I Like Standard Time So Much, I Think I’ll Just Stay On It.

It’s hard to remember. This Sunday, November 4, do we fall back into last year’s tired old arguments in favor of or against Daylight Savings Time? Or do we fall forward into what seem like new arguments, but really aren’t because everything that can be said has been said? Fall back or fall forward? Given the dangers of us older folk falling, it seems like we’d remember.

Not everyone has to remember whether to fall back or fall forward. It is said that less than 40% of the countries of the world use Daylight Saving Time today. 107 countries have never used DST, and of the 142 countries that have tried it, 67 have stopped and gone back to Standard Time all year long. This leaves only 75 countries presently using DST. (Which to me seems like 30% of the world’s countries, but then my handheld calculator fell back off my desk, or maybe it fell forward, and may not be accurate.)

I get up early enough that it’s dark no matter which time we’re using. But if I was still in elementary school, I don’t think I’d like to be trekking to school in the dark, which many kids do in the fall up until the first Monday of November when we change to Standard Time. Symbolically, still in the dark is not a good way to carry your homework to school.

If you are for Standard Time all year long, you can sing the following ode to the tune of “Ain’t No Sunshine When You’re Gone!” Ain’t no sunshine when you’re gone. At least not much in the early morn, ain’t no sunshine when you’re gone, and you’re always gone too long, anytime you go away. And you’d have a point. Standard Time abandons us for roughly 7.5 months per year. Presently, we only have 4.5 months of Standard Time.

If you are in favor of keeping Daylight Savings Time, you can sing along with the Beach Geezers to the tune of “California Girls,” The West Coast has evening sunshine, and the golfers get so tan. I dig an eagle and a birdie not a bogey on the holey and staying out of the sand. And you’d also have a point. We don’t save any time with DST, we just whack an hour down the fairway so that people who work have a chance to recreate of an evening.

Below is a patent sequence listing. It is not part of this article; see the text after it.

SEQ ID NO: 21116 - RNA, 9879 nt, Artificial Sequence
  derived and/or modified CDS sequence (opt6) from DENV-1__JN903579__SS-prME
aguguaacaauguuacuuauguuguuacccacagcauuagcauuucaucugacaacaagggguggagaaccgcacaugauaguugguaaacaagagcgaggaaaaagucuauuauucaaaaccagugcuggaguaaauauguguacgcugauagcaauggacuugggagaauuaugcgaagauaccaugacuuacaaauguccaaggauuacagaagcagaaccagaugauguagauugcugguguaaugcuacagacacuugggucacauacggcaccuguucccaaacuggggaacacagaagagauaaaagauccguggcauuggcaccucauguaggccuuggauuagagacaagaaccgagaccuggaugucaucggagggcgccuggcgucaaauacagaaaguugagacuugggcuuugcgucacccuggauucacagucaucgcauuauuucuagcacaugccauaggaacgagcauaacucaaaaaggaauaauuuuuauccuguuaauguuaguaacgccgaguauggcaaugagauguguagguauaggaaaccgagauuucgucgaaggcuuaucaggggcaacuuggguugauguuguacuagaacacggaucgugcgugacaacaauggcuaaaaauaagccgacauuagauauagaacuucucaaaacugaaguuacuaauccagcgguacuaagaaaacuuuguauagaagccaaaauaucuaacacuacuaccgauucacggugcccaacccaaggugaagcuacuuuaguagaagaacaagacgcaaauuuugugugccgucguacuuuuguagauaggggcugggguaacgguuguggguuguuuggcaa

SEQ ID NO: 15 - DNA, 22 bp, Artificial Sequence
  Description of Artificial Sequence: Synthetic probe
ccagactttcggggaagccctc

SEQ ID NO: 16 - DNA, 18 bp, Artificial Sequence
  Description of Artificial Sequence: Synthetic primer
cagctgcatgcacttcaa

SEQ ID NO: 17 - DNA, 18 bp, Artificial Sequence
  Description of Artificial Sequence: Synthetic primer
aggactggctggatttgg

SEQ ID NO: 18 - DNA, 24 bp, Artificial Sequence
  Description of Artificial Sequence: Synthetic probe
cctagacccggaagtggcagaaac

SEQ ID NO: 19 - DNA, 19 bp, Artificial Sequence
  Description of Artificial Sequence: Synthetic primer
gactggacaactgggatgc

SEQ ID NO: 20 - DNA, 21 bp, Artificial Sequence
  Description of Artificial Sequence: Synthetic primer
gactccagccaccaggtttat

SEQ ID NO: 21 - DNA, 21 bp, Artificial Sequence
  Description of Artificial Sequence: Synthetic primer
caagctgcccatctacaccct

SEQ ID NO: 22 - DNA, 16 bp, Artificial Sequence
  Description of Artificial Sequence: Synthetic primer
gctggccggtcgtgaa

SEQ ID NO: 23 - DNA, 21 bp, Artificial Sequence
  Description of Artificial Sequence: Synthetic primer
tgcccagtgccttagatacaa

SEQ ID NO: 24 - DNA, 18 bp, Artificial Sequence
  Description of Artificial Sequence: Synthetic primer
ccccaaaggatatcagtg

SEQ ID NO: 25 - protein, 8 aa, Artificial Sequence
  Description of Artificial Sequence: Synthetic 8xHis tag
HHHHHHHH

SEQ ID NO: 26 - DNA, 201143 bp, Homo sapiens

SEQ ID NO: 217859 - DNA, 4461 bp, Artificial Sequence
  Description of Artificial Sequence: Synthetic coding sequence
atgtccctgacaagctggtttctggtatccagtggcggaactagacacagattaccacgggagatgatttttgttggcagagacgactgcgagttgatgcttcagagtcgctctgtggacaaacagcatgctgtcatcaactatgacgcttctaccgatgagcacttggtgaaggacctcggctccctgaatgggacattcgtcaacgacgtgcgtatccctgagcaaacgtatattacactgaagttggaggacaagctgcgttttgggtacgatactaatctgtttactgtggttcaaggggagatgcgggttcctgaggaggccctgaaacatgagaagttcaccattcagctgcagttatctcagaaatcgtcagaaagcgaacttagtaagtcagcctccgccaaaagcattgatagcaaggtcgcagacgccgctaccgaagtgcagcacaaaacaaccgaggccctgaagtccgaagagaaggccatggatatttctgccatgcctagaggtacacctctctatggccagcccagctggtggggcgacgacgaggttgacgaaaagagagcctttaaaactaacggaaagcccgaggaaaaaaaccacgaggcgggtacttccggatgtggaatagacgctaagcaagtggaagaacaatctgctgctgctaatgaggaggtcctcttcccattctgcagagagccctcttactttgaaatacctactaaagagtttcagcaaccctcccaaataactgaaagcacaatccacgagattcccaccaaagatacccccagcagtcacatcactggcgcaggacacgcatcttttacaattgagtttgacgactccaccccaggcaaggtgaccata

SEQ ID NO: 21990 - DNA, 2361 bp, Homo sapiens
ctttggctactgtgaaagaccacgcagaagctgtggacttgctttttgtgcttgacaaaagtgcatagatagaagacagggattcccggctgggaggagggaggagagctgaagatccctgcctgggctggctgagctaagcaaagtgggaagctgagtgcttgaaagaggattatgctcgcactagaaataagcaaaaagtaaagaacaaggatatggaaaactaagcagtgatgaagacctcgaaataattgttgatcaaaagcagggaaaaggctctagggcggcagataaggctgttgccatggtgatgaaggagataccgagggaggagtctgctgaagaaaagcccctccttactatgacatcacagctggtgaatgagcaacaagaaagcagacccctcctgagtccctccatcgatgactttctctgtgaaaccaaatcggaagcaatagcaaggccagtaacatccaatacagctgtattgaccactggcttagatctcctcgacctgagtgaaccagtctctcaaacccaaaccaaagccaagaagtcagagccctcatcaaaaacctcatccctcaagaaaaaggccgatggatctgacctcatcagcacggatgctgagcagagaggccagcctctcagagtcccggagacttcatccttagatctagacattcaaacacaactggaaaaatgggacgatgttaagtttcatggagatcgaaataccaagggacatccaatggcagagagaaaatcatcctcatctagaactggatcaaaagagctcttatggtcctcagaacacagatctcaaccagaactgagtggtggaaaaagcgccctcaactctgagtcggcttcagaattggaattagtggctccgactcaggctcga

I prefer Standard Time all year long mainly because the switch to DST in the spring messes with my body clock. I have a very sensitive circadian, and the loss of that one hour of sleep makes me tired for the rest of the year. The condition is called ACRC, Acute Circadian Rhythm Chaos. The switch back to Standard Time this Sunday won’t even help. It’s not nice to fool Mother Nature by pretending that seven o’clock is six o’clock.

Some polls show that as many as 74% of Americans want to drop DST. But I don’t expect any action from Washington or from the NM State Legislature, which, like Arizona, could opt out of DST if they wanted to.

Politics won’t settle the issue. We’re a nation of individuals, so let’s choose which one we like and stick with it. The waitress asks which I want, “Red or Green?” referring to chili on my enchiladas. The barista asks if I want room or not, referring to cream or milk in my coffee. The receptionist at the dentist office asks if I want to settle up now or should she bill me. Why not people who ask me what time I’m on, Standard only or a Standard/DST blend?

When America went to DST in 1966, my grandfather’s brother – we called him Uncle Alfred – refused to go along. For the rest of his life he lived on Standard Time. The stores were generally open no matter what time he went, and if church was letting out when he arrived, well, he didn’t like the preacher anyway. And I once observed a practical method that can be adopted to deal with individuals who decide for themselves which they’re going to observe, Standard only or a Standard/DST blend.

I had taken my mother to an appointment with a doctor in Lubbock – Texas being in the Central Time Zone. She lived in Roswell – New Mexico being in the Mountain Time Zone. Lots of people from Eastern New Mexico go to Lubbock for the hospital or doctors. As I sat in the waiting room, I heard the receptionist say to a patient who had called in by phone, “Your appointment is at 10:00 a.m., but where are you coming from? New Mexico? Then your appointment is at 9:00 a.m. your time.” She said it time after time, clearly stating both Mountain Time and Central Time.

We can do the same thing with Standard Time only and a Standard/DST blend. For 4.5 months they’re the same, no problem, but even after other people switch in March to DST, things will work out. If I stay on Standard Time and decide to stop at a 7-11 Store, I just need to remember that for 7.5 months of the year it’s an 8-12 store.

Or is it a 6-10 store? It’s hard to keep these things straight, but it’s the price one pays of not trying to fool Mother Nature.






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